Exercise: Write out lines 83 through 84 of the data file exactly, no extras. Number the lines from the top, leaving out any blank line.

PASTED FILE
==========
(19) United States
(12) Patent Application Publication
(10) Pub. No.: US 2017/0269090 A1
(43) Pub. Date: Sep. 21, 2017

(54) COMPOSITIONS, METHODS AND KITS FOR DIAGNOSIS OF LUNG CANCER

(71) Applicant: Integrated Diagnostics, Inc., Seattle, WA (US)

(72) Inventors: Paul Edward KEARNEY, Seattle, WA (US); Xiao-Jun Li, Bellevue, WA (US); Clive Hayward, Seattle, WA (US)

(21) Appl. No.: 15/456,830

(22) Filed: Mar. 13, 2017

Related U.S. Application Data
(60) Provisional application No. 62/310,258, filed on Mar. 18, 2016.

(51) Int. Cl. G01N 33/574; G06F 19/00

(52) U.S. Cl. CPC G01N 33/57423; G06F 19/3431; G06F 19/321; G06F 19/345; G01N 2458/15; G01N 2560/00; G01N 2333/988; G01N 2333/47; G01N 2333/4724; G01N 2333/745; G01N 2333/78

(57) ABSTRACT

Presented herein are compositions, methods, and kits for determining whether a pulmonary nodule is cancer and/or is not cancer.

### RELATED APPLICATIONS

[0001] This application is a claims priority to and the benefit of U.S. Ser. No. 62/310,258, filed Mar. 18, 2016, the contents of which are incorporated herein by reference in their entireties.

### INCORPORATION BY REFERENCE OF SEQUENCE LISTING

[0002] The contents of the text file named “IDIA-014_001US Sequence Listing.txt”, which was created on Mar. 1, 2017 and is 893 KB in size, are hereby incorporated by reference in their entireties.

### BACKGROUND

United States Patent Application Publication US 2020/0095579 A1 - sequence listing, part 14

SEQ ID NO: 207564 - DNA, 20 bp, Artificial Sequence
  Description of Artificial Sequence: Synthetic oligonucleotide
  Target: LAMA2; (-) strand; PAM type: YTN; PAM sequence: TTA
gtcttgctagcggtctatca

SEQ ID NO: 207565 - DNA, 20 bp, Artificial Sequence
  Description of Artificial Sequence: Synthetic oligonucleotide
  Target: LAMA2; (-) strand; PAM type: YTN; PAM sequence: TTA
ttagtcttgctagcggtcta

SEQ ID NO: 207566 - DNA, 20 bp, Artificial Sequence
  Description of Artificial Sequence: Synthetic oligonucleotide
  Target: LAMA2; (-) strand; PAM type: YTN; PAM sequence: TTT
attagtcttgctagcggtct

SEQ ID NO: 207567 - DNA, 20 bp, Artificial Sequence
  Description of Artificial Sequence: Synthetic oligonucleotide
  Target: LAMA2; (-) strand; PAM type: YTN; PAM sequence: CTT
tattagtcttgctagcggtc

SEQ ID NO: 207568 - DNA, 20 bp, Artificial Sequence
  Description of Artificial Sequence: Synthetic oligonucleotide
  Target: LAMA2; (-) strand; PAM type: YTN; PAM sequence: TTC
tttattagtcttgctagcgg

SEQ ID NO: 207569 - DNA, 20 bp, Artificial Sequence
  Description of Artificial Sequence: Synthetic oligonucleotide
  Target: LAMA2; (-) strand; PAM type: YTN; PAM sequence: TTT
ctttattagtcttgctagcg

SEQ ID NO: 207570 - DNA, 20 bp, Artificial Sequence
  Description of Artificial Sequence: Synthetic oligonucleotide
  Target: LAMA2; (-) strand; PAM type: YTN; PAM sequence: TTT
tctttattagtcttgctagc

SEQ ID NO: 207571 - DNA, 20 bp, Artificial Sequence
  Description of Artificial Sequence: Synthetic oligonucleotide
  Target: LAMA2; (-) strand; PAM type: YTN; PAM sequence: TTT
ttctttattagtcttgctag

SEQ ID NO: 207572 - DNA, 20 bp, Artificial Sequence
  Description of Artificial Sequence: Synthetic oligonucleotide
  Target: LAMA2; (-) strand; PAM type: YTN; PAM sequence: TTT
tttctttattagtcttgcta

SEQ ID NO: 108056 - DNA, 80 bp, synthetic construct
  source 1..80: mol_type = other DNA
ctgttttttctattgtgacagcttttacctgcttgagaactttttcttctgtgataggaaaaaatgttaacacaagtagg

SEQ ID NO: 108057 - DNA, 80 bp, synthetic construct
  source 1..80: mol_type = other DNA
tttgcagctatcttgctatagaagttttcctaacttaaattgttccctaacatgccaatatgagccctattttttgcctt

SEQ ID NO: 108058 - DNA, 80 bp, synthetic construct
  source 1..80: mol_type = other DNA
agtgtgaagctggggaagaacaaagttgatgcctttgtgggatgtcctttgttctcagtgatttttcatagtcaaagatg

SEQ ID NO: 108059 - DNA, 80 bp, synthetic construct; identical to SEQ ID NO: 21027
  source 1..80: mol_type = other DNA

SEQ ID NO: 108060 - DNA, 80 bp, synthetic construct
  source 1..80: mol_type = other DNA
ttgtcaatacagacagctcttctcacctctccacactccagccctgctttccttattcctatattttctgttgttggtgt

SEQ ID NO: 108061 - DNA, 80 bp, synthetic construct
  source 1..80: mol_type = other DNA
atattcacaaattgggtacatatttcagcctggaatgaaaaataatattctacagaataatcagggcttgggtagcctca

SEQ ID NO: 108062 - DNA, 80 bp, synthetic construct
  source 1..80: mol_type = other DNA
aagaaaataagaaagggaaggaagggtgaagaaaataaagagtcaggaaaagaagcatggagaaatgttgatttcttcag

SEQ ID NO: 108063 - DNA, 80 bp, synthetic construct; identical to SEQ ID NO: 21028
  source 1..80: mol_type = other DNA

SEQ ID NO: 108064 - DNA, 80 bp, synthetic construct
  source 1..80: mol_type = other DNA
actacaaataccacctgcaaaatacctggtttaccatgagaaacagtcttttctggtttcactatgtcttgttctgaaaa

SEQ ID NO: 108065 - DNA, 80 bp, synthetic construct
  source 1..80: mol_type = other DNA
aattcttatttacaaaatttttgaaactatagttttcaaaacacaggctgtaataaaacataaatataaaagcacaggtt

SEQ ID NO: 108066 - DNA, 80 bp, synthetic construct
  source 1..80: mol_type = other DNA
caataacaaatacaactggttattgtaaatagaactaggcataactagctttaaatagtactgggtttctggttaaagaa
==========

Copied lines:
SEQ ID NO: 108065 - DNA, 80 bp, synthetic construct
  source 1..80: mol_type = other DNA